Despite industry statistics to the contrary, I find it hard to believe that any romance reader greets the old amnesia plotline with anything but weary resignation. But greet it we do, again and again, and we all know what’s required to read one of these books -- the willingness and ability to suspend disbelief.
That’s one of the basic principles of fiction reading, and I can certainly go along with it. But Deputy Daddy really pushes the boundaries of what I’m willing to accept by tossing out one doubtful development after another.
I mean, I can handle amnesia. If you tell me that a woman (who happens to be about eight months pregnant) bonks her head in a car accident and wakes up in a hospital with no knowledge of her identity and no memory of her previous life (but with memory intact about everything else, like how to write or tie a shoe), I can swallow it. But you’ve just about used up my per-book allotment for far-fetched plot developments.
Deputy Daddy, however, doesn’t know when to quit. Even though the woman walks away from the car accident with only minor injuries (not counting the amnesia, of course), the car itself goes off some embankment and mysteriously disappears. No one can find a trace of it, which means that no one can find any identification for the amnesia victim.
Then the woman, who comes to be known as “Marla,” wakes up convinced that Johnny Fuentes, the man who found her wandering on the beach after her accident, is her husband. And then a genuine, certified medical doctor decides that it would be better, given Marla’s agitated state, to go along with her delusion until her memory returns on its own, because telling her the truth might send her into premature labor. Right.
Johnny Fuentes is the chief of police of Mar del Oro, the little town where Marla had her accident. Although luckily single and unattached, he’s nevertheless none too happy about this turn of events. But he also happens to be a really nice guy, so he goes along with the charade, assuming that Marla’s memory will return in a matter of days.
Of course it doesn’t, and before long the uninsured Marla is being booted out of the hospital since there’s nothing medically wrong with her. Where will she go? Obviously, she expects to go home with her husband. Ridiculously, the doctor agrees. Even though there are other perfectly viable solutions - the doctor states that “the best option is for [Johnny] to continue to assume the role of her husband.” Otherwise, “the shock might set her recovery back by months.”
From this point on, I think I rolled my eyes about once a page. With little time to prepare, Johnny can’t incorporate this stranger very well into his life, so it’s a terribly thin charade. For one thing, no one in town knows her, although they all know Johnny very well. For another, she has very few possessions -- even in her “own” house, there are nothing but maternity clothes.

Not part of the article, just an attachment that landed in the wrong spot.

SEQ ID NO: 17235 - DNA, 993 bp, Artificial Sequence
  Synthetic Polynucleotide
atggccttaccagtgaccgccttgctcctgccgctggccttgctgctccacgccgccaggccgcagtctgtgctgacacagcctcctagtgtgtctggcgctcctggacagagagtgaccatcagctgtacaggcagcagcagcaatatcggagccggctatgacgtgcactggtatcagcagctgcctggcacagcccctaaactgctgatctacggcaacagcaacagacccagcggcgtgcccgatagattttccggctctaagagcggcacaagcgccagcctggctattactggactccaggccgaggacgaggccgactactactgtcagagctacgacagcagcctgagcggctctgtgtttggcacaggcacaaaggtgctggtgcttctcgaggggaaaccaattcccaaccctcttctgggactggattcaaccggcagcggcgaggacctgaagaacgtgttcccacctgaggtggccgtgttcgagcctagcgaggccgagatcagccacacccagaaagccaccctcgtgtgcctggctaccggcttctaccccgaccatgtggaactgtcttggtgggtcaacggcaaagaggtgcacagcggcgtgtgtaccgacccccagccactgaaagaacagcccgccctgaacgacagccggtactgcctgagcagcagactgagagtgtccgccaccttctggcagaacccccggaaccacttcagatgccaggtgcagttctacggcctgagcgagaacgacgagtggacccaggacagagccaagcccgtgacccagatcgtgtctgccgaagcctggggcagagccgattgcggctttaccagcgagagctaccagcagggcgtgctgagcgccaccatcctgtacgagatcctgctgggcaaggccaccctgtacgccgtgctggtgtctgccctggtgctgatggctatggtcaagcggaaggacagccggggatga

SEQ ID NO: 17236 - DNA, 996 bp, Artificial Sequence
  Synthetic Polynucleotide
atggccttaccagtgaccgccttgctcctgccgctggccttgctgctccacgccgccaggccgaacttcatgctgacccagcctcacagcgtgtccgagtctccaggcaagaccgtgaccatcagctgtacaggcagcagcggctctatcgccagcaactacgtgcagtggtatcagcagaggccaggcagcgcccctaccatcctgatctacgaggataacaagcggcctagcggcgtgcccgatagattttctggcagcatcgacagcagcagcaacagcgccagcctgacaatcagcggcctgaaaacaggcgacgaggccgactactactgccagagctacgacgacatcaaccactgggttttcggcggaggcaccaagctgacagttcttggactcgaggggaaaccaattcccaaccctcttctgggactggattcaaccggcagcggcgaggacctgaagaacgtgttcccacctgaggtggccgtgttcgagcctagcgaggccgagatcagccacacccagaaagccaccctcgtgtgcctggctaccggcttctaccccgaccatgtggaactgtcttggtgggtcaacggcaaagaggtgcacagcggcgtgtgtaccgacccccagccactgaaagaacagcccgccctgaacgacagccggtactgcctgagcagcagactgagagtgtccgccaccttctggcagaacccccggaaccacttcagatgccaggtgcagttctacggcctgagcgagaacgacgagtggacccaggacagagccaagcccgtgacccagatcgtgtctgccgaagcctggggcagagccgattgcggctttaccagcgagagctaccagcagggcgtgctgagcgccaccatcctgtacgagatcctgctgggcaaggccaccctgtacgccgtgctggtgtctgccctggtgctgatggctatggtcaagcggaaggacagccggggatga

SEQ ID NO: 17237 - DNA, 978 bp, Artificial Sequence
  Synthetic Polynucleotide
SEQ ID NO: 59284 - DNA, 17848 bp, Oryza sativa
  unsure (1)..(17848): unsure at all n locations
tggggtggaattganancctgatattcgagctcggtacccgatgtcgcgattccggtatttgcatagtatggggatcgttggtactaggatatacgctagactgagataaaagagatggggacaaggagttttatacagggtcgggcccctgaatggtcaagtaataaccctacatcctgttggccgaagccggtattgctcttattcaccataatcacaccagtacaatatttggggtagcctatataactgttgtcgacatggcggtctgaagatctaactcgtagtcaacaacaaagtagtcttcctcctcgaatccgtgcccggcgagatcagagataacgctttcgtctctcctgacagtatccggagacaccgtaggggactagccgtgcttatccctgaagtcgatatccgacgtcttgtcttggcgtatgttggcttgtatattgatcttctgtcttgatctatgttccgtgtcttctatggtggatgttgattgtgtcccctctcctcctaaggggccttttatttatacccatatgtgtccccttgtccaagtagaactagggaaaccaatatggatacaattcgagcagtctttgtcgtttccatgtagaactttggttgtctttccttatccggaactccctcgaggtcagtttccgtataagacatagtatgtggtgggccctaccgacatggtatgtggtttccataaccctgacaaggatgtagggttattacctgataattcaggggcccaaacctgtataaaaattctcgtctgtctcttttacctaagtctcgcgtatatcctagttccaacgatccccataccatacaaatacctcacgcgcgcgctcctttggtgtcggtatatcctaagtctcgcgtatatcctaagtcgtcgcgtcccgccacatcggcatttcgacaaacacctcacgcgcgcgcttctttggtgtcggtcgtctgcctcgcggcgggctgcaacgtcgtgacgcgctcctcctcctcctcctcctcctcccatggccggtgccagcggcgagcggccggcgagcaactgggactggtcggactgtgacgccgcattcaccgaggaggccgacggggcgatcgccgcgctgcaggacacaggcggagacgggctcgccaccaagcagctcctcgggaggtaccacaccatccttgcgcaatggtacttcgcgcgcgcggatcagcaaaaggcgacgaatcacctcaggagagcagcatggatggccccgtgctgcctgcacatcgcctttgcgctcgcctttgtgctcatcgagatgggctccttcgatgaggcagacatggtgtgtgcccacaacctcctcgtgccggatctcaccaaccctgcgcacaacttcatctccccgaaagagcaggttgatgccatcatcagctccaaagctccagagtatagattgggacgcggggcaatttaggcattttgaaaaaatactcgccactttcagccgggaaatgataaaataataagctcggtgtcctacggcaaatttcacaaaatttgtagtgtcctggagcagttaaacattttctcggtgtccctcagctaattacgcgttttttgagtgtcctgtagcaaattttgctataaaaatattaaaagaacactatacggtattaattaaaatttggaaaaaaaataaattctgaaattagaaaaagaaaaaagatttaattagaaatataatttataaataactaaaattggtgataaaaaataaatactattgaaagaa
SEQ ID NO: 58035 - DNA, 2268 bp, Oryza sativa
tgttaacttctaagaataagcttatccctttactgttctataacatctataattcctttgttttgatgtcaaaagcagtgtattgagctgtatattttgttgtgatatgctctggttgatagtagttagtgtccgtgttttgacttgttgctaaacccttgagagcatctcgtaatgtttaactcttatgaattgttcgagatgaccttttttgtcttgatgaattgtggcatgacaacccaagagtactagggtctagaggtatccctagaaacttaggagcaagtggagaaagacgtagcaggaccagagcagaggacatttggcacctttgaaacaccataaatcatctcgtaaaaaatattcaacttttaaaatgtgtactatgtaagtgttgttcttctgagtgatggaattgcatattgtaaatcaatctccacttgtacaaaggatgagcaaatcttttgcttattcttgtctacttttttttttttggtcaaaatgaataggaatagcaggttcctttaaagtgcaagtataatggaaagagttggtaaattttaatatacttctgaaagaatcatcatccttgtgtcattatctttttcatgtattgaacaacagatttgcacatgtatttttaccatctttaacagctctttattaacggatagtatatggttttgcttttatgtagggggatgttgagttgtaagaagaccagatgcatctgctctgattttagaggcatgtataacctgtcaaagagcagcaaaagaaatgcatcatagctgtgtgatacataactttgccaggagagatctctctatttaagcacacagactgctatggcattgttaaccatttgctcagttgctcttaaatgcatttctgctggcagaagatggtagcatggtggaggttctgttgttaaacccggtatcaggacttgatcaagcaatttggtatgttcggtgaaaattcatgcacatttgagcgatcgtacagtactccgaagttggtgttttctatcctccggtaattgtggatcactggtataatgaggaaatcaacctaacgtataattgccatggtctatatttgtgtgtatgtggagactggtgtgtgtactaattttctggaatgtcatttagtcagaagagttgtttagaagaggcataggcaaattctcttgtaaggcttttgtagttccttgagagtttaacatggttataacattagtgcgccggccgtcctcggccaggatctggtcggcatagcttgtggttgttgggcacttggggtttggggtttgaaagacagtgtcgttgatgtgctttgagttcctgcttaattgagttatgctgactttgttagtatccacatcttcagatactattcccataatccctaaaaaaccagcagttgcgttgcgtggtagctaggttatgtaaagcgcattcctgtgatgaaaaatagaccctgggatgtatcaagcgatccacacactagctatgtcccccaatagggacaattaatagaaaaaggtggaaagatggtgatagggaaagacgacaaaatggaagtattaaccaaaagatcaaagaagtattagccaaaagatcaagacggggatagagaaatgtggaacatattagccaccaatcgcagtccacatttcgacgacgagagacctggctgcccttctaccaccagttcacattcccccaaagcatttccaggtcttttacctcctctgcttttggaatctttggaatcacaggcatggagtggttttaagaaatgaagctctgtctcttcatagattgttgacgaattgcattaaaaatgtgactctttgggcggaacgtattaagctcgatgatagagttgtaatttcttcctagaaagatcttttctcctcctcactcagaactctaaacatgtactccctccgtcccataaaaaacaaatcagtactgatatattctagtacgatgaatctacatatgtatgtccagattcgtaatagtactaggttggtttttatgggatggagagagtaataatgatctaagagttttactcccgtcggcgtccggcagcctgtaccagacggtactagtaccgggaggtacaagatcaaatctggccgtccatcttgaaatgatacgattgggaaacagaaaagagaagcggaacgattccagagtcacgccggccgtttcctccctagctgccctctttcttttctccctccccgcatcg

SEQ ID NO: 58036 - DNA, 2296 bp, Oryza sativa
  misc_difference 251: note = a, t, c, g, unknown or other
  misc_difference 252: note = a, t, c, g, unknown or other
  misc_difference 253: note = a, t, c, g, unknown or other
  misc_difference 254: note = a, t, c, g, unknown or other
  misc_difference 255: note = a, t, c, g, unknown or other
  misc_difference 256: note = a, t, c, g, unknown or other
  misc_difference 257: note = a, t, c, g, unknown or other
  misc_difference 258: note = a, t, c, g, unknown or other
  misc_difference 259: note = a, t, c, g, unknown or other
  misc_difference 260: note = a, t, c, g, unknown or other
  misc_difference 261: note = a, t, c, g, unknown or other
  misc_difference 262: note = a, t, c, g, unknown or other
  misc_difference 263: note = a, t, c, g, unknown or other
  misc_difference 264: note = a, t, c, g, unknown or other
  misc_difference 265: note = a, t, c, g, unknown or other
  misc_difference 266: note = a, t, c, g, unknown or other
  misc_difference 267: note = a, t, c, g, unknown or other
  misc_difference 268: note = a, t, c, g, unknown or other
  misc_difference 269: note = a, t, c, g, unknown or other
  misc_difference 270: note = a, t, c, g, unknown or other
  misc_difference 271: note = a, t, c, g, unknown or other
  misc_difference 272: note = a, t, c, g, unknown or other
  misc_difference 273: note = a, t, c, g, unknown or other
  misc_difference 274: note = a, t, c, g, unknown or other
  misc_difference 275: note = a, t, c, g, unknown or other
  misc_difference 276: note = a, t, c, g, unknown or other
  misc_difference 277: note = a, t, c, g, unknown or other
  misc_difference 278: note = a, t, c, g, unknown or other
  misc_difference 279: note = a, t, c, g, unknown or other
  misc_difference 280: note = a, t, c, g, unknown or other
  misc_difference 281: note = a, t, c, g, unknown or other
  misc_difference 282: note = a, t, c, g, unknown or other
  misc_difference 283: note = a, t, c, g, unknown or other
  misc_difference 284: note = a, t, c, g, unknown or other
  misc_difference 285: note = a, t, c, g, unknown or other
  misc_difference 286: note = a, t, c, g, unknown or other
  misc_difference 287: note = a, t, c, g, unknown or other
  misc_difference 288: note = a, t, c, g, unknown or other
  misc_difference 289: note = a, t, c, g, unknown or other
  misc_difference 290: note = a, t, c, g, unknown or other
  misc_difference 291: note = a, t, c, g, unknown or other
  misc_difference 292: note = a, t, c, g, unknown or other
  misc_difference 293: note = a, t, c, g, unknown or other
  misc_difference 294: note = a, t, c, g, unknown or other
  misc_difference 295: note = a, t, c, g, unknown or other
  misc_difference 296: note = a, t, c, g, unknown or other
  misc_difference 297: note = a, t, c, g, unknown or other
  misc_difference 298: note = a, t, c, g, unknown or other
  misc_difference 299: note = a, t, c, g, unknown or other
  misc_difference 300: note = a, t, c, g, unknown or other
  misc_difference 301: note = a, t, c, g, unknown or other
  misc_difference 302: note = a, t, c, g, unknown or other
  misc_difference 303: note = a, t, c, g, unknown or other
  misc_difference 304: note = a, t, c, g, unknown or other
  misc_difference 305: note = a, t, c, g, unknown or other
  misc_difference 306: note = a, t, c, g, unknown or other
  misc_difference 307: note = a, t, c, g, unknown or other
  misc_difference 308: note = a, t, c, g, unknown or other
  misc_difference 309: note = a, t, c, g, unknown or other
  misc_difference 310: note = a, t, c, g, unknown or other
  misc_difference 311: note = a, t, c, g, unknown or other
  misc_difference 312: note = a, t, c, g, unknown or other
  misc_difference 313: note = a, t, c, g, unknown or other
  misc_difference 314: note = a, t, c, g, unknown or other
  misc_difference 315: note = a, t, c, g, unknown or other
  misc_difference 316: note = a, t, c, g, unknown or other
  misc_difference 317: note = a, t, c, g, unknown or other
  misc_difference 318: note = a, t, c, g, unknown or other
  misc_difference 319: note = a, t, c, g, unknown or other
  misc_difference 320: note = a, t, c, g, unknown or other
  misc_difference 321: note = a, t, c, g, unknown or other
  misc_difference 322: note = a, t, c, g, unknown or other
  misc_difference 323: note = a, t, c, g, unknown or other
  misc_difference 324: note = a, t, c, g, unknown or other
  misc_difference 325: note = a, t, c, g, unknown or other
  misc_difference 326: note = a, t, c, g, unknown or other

Marla wonders about these things and sometimes finds the gumption to ask Johnny about them, but she is satisfied with his vague and dubious answers. The author tries to make this part more believable by making it clear to the reader that in fact, Marla doesn’t want to remember her true identity.
Although at certain times “her loss of memory grated on her” and she at one point “willed her damaged memory to work,” more often she’s shoving aside painful bits of memory that drift into her mind, and finally decides that “she was better off not thinking about the past.”
So it’s supposed to be more like a suppressed memory thing - after all, as the second page of the book states, Marla has “survived the worst life had to offer.” I can’t reveal more without giving away too much, but I will say that when I finally learned about Marla’s life before the accident, I had a hard time drumming up much sympathy, having expected such a harrowing tale.
And while the suppressed memory thing was more believable than flat-out amnesia, it really made Marla seem like a wimp. I found it hard to admire a person who would rather live in a dream world than face reality, even a painful reality.
As for Johnny, he’s almost too good to be true, and certainly too good to be very interesting. He’s willing to rearrange his whole life to help a perfect stranger. He’s gentle and strong, and he calls Marla “kitten.” He’s admirable, noble, and hardworking. His only flaw is that he’s got a poor-but-proud chip on his shoulder that grows, in the final chapters of the story, to enormous proportions. While this did make him a little more interesting, it also made him irritating, at least in my eyes.
But in the end, I don’t know if that really mattered, anyway. The premise of this book would have taken a miracle to make me buy into it. And since I couldn’t believe in what these characters were doing, I couldn’t believe in them, either. The whole book felt not like a marvelous fantasy, as it must have been intended, but like a cartoon, an unsatisfying caricature of real life.
If you don’t have any particular aversion to bland characters doing unbelievable things, maybe you’ll find more to enjoy in Deputy Daddy than I did. But if you’re looking for an amnesia story with a fresh and realistic take, you won’t find it here.